By Richard MacTough
Carroll and Carroll Booksellers is located on Main Street in downtown Stroudsburg. The store was founded over 20 years ago by Proprietors George and Lisa Carroll. Walking in the store shows that there is a huge collection of books of various genres.
Readers can find classic works of fiction and philosophy. Books are stacked on top of each other next to shelves, and the owner’s cat can be seen lingering around.
George Carroll describes using as much space for books as possible. Bigger businesses, such as Barnes and Noble, install coffee shops and toys for children. Carroll has been in the business of selling books since the Nixon presidency.
He thought about when they bought the space just over 20 years ago.
“We looked at stores that were for sale in Woodstock of New York and some in New Jersey. We ended up renting this space [the current store],” said Carroll. “I got into the book business because I studied subjects unsuitable to make a living.”
Carroll is a lifetime learner specializing in Greek philosophy.
“When I was in junior high school, I gone to my local library and the library didn’t have a set of Aristotle. That is where I got to in my reading. I realized in that moment if I wanted to read I was either going to have to move to a city or a university town with a really good library. Or I could go in the book business and so I did the latter,” said Carroll.
He always wanted to live in the world of books and not just necessarily sell them.
During his time in Allentown he worked in a smaller chain different than a store like Barnes and Noble. They were in the business of selling remainder books.
Remainder books are print copies that are no longer selling well. The remaining copies unsold are liquated by publishers for a smaller price.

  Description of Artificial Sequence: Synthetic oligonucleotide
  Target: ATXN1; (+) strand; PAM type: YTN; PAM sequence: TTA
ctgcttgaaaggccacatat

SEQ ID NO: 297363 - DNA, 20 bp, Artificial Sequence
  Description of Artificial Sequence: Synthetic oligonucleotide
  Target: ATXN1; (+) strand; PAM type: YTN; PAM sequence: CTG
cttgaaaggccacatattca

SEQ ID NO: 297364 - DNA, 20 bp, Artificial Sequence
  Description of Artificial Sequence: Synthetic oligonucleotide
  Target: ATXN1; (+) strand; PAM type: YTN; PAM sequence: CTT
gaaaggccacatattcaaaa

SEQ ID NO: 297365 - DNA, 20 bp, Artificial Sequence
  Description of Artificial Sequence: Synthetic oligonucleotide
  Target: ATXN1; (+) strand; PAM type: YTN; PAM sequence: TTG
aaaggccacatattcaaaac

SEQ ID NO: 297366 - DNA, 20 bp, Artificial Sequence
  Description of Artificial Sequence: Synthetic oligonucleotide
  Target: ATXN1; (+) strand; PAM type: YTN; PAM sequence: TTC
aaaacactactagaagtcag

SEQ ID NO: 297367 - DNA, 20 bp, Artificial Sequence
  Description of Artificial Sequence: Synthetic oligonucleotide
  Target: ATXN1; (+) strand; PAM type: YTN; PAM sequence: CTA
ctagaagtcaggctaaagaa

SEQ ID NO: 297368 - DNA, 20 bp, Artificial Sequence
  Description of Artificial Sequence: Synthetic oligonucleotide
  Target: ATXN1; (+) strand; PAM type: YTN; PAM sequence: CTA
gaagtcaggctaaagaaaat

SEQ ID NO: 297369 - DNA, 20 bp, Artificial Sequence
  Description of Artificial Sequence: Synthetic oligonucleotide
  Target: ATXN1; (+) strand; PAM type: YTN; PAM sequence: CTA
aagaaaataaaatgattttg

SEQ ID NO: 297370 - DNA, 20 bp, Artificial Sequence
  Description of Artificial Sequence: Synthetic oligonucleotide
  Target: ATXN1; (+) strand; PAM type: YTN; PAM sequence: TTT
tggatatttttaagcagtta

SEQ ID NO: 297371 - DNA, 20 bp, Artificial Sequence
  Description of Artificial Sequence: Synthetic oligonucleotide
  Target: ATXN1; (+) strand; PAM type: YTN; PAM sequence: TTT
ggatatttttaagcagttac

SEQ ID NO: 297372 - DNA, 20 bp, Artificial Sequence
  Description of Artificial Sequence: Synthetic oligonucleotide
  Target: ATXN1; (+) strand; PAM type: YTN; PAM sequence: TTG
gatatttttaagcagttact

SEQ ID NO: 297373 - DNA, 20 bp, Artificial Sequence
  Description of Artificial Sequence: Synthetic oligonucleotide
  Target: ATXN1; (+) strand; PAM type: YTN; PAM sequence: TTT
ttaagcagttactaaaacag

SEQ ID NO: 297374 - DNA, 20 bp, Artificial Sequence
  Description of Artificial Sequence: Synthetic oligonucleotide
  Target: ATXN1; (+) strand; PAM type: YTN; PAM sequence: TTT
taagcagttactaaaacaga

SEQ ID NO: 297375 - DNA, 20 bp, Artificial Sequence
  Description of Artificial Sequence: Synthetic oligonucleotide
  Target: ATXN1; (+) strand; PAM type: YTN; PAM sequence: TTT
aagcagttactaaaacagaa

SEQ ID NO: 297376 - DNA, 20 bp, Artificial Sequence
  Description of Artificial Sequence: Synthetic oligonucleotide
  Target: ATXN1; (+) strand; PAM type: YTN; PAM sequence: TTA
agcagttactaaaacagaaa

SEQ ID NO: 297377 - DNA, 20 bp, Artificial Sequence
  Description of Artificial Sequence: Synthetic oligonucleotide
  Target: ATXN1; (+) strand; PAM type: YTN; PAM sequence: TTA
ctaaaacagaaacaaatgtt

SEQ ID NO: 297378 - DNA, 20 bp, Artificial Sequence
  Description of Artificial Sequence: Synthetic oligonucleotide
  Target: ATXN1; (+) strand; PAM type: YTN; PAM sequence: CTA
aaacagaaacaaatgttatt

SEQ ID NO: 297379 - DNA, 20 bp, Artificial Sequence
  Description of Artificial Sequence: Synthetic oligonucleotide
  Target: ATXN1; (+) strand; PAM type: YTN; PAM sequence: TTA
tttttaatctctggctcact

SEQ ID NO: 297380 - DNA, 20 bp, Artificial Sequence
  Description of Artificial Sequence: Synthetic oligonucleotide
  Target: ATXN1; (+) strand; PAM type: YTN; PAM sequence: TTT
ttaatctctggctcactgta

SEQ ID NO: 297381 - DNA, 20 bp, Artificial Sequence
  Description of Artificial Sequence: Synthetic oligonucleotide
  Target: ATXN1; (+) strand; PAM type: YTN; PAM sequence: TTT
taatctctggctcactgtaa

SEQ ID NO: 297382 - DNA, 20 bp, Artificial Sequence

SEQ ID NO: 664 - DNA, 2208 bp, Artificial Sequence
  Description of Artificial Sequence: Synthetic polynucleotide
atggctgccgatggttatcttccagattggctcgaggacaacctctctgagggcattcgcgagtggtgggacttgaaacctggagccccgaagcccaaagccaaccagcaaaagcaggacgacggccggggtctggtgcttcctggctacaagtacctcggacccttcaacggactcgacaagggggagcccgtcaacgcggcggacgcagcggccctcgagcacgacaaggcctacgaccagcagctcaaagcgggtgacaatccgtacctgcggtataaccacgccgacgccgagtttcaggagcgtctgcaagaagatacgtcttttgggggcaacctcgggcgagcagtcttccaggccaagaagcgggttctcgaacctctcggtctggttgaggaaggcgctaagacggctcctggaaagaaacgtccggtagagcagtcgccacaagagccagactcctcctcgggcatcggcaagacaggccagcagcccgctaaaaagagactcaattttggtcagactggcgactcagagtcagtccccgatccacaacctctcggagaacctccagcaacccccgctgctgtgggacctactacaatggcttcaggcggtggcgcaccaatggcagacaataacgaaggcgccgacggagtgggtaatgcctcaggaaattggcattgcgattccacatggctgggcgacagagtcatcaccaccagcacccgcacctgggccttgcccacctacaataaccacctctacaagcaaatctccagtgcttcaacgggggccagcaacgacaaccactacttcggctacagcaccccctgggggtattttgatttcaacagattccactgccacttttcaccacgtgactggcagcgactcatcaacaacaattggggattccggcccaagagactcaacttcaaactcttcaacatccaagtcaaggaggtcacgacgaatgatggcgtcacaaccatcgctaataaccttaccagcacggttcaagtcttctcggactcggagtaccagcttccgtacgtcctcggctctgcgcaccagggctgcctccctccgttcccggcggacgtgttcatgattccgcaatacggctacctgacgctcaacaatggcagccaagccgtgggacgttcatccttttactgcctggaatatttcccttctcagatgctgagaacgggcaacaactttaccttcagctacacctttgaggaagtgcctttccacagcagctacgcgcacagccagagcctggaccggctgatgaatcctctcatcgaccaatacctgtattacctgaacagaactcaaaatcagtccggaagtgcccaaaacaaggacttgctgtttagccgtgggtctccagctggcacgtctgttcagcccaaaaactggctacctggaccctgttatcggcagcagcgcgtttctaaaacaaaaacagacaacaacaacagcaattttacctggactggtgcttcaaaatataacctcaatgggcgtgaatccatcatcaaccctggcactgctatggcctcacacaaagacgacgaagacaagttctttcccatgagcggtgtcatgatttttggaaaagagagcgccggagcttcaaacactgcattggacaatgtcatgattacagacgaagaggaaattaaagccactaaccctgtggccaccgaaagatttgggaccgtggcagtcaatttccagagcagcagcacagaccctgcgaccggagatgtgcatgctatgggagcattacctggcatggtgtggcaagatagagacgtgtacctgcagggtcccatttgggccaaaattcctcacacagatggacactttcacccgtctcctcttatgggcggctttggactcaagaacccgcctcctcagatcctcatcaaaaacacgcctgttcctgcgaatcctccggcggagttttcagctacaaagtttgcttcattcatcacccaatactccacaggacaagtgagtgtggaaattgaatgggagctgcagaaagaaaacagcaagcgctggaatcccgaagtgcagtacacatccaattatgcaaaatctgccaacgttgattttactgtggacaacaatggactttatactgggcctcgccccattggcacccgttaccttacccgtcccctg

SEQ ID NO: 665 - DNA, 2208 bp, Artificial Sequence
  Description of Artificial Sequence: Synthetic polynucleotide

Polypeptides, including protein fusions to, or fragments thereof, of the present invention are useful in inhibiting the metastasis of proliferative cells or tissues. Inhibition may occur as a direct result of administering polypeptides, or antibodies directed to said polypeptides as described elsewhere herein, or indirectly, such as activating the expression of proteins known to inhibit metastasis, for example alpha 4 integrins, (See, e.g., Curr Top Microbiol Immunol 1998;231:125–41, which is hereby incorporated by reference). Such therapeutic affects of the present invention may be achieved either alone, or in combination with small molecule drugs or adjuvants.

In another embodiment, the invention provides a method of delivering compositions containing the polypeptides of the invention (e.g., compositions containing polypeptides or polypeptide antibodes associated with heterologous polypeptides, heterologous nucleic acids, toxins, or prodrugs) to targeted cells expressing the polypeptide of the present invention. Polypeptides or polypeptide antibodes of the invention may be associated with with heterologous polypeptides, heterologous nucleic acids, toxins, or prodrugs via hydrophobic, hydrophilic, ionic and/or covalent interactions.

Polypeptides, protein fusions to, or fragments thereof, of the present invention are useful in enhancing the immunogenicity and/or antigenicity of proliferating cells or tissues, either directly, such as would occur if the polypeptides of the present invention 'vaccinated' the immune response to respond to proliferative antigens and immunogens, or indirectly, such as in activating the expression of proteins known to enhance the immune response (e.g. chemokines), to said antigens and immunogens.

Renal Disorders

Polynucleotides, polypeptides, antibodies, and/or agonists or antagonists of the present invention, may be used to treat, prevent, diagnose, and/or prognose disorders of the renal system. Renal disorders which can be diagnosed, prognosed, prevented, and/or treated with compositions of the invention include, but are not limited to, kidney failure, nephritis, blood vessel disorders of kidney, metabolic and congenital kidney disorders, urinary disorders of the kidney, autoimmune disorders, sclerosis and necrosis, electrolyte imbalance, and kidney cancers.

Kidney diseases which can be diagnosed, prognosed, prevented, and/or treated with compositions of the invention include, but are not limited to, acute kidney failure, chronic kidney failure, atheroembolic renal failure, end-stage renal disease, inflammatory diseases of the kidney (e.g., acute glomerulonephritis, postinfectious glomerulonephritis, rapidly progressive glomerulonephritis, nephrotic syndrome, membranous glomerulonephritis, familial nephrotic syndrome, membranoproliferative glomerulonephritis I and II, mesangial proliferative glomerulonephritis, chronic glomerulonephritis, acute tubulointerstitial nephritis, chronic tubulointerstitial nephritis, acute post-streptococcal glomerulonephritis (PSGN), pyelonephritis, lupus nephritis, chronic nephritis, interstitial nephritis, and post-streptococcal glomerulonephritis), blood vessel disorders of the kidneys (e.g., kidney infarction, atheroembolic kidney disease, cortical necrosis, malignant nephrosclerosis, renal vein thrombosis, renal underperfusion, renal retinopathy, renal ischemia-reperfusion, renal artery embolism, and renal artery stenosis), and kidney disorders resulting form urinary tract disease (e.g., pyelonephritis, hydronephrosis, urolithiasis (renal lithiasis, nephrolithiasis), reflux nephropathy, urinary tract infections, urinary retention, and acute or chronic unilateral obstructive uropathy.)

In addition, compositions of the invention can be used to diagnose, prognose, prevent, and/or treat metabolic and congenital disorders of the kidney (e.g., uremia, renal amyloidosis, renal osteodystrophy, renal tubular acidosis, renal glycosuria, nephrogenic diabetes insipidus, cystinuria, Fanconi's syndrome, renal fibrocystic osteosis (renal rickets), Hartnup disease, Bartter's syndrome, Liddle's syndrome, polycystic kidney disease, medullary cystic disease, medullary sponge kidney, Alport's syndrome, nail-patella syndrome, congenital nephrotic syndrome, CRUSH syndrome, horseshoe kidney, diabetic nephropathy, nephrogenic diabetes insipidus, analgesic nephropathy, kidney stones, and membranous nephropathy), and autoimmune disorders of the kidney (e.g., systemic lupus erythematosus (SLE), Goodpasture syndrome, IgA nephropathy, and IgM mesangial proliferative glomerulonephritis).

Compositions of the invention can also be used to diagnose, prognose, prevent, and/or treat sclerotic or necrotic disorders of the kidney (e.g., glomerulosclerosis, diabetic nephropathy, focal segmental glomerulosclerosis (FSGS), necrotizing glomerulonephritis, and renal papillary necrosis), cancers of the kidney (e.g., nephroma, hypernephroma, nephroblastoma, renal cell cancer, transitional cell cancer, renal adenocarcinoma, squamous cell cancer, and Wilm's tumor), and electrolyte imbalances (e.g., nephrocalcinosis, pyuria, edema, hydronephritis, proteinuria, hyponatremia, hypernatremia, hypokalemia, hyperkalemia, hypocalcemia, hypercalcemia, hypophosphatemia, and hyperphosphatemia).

He showed a book that came out just a week ago by Harold Bloom. Bloom is one of the most respected, well read and widely published critics in the English-speaking world.
“The publisher may have done 40,000 copies. We bought on terms that we pay a percentage of the publishers suggested price. If the book doesn’t sell I box it up and send it back. Barnes and Noble returns 50 percent of what come into the store,” said Carroll.
He described the business of books as a market in constant turmoil. Carroll explained the corporation doesn’t really care if consumers are not purchasing books.
Many of the chain stores have coffee shops and toys. Barnes and Noble has an algorithm deciding which books to stock on their shelves.
“Publishers hire authors to write books that are niche filled,” said Carroll. “They are not out there looking for Moby Dick.”
Diet books, for example, are popular niche items to sell after the holiday season. Some reasons are because people eat richer foods during that time and are now concerned with losing weight.
Carroll spoke about the importance of parents reading in front of their children. He has observed curiosity is not sparked as much as it used to be.
“The desire to be distracted and the need to be distracted is huge,” said Carroll.
Books are not being read as much because of the larger selections of distraction than ever before. Many play video games and watch movies.
The proprietor also acknowledged books are designed to be adaptable. They give information and experiences. He shared why individuals love reading.
“People love being able to stick a finger in a book, carry it to the room, pour a cup of coffee, come back and pop the book open,” said Carroll.
Email Richard at: